She began her studies by earning her Bachelor of Science in Exercise Science, Pre-PT at Eastern Washington University.  During her undergraduate studies, she spent much of her time playing volleyball and coaching at the high school level.  Dr. Oules continued her education to earn her Doctorate in Physical Therapy from Franklin Pierce University in Goodyear, Arizona.While in school, Dr. Oules became Certified in both Dry Needling and Myofascial Cupping.

Part of her clinical training included international travel to Sydney, Australia where she expanded her orthopedic skill set and had the opportunity to provide treatment for the athletes from the 2023 World Underwater Hockey Championships.

During her doctorate level studies, Dr. Oules learned the importance in making movement a lifestyle. She has a passion for sharing this knowledge with the community and getting her clients back to the activities they love.

Outside of the clinic Dr. Oules enjoys CrossFit®, hiking, traveling, and spending time outdoors with her dog, Rue. Some of her favorite adventures to date include hiking parts of the Grand Canyon and running across the Sydney Harbour Bridge during the Sydney 10k!

Dr. Peyton Oules’ Credentials:
•           Physical Therapist (PT)
•           Doctor of Physical Therapy (DPT)
•           Certified Dry Needling (Cert. DN)

Dr. Khristian McGinley, PT, DPT Cert. DN

therapy in pregnancy

Dr. Khristian McGinley, physical therapist, grew up here in Phoenix, as a competitive softball player with a longtime passion for health and wellness. After sustaining an elbow injury in high school and attending PT herself, she knew that she wanted to pursue a career helping people recover from injuries and getting back to doing what they love. She eventually received her B.S in Nutritional Sciences from the University of Arizona in 2013, then earned her Doctorate in Physical Therapy from Franklin Pierce University in 2017.

Dr. McGinley began her career with a passion in pediatrics and orthopedics, undergoing coursework to treat diagnoses such as torticollis, developmental delay, and toe walking. She also became certified in Dry Needling in 2017, and since then has been additionally trained in Dry Needling for Pelvic Rehabilitation. After the challenging birth of her first child, she developed a passion for treating the pregnant and postpartum population. She became specialty training in Pelvic Floor Rehabilitation in 2021 and since then has focused her practice on helping moms achieve pain free pregnancy, peaceful childbirth, and complete postpartum recovery. She specializes in diagnoses such as urinary incontinence, diastases recti, pelvic organ prolapse, and pelvic pain.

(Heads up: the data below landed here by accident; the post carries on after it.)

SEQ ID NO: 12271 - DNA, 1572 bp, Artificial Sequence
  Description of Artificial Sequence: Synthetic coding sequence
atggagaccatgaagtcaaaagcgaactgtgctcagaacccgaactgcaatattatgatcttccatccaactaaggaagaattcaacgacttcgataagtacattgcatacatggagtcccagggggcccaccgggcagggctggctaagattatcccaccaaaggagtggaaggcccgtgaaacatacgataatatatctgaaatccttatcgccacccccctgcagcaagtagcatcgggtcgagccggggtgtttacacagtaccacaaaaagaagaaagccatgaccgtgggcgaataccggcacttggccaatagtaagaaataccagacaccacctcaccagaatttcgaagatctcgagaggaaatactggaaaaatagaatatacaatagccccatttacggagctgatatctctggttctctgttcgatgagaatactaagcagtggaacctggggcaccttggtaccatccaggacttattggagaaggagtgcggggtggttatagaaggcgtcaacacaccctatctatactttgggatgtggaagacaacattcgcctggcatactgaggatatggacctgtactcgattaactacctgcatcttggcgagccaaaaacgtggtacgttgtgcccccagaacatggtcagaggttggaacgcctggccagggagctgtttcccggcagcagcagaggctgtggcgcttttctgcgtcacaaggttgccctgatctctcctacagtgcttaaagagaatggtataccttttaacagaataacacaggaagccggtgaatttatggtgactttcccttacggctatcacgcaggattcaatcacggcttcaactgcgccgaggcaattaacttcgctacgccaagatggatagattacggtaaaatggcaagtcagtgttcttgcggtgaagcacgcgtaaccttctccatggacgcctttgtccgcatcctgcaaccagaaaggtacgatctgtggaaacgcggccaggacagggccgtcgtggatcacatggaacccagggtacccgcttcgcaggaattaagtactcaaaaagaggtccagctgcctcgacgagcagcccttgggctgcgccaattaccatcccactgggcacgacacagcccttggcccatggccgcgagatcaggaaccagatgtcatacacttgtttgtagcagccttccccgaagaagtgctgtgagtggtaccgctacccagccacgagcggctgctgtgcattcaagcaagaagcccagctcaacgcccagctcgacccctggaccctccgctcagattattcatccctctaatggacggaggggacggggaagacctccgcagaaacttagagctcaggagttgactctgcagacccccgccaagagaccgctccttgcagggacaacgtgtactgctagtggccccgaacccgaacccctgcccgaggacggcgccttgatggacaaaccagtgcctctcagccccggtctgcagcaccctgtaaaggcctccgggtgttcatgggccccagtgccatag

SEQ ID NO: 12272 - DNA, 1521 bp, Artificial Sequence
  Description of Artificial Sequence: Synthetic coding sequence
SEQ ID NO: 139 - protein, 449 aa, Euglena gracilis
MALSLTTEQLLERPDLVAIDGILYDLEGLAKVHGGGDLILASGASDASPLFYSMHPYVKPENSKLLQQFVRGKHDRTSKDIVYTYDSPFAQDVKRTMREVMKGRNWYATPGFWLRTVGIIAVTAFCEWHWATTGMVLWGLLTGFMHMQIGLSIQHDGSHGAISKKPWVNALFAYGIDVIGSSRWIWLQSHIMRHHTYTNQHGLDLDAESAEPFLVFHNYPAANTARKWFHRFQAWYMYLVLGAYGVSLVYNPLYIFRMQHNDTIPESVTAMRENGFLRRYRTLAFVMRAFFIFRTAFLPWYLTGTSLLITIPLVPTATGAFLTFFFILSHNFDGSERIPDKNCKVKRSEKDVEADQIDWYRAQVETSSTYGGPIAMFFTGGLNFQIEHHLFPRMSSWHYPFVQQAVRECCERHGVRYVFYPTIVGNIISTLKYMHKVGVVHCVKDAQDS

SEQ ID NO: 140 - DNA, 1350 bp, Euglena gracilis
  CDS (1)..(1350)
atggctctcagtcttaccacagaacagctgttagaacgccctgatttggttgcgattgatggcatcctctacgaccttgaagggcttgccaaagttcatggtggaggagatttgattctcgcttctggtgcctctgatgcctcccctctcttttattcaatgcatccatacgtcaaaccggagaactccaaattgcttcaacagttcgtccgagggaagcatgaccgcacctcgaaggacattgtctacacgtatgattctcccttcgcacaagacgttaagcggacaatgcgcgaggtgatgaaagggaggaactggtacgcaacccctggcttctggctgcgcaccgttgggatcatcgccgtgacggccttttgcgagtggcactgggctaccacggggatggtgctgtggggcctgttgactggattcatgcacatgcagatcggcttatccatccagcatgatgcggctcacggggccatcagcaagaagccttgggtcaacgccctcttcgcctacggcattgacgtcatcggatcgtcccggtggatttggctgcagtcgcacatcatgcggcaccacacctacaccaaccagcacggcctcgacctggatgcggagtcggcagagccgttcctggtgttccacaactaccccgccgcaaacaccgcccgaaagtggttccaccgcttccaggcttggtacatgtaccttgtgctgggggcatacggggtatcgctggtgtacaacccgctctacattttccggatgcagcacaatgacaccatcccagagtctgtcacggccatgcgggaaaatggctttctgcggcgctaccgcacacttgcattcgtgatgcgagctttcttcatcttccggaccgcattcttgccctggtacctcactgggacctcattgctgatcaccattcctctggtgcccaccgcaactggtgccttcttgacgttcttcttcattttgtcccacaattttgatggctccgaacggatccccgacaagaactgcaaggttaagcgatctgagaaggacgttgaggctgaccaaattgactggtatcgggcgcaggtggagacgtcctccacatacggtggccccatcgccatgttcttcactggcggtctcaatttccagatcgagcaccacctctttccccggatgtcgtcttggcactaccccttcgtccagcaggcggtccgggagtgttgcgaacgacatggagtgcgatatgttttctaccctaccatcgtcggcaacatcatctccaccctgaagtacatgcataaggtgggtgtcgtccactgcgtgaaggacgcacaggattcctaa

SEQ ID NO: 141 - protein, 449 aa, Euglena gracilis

Outside of the clinic, Dr. McGinley enjoys hiking, running, camping, weight lifting, and playing slow pitch softball. She loves spending as much time as she can outside with her husband and two children.

Dr. Khristian McGinley’s Credentials:

  • ​Physical Therapist (PT)
  • Doctor of Physical Therapy (DPT)
  • Certified Dry Needling (Cert. DN)
  • Specialty-trained in Pelvic Floor Therapy

Dr. Meredith Wall, PT, DPT FAFS, Cert. DN

A man and woman looking at an ipad in a gym.

Dr. Meredith Wall, physical therapist, grew up as a competitive athlete in basketball, gymnastics, soccer and volleyball. After sustaining an ankle injury and going to rehab as a young athlete, she instantly fell in love with learning about sports injuries and rehabilitation. This led her to major in Exercises Science at Grand Valley State University. After she graduated in 2010, she immediately pursued physical therapy to ultimately achieve her lifelong goals of becoming a physical therapist. She earned a Doctorate in Physical Therapy from Grand Valley State University in 2013, graduating as a member of the Phi Kappa Phi Honor Society recognizing individuals with outstanding GPA in a college graduate program.

Dr. Wall continued her educational pathway through the Gray Institute receiving a fellowship in Applied Functional Science (FAFS). A FAFS is only obtained by a select number of practitioners, who deliver optimal care through the diagnosis and treatment of functional human movement. She also became Certified in Dry Needling (Cert. DN) in 2017, is trained in the McKenzie Method to treat spinal pain, and most recently has become specialized in Pelvic Floor Rehabilitation. This specialty area allows her to treat women across the lifespan dealing with incontinence, diastasis recti, pelvic pain, and pain during or after pregnancy.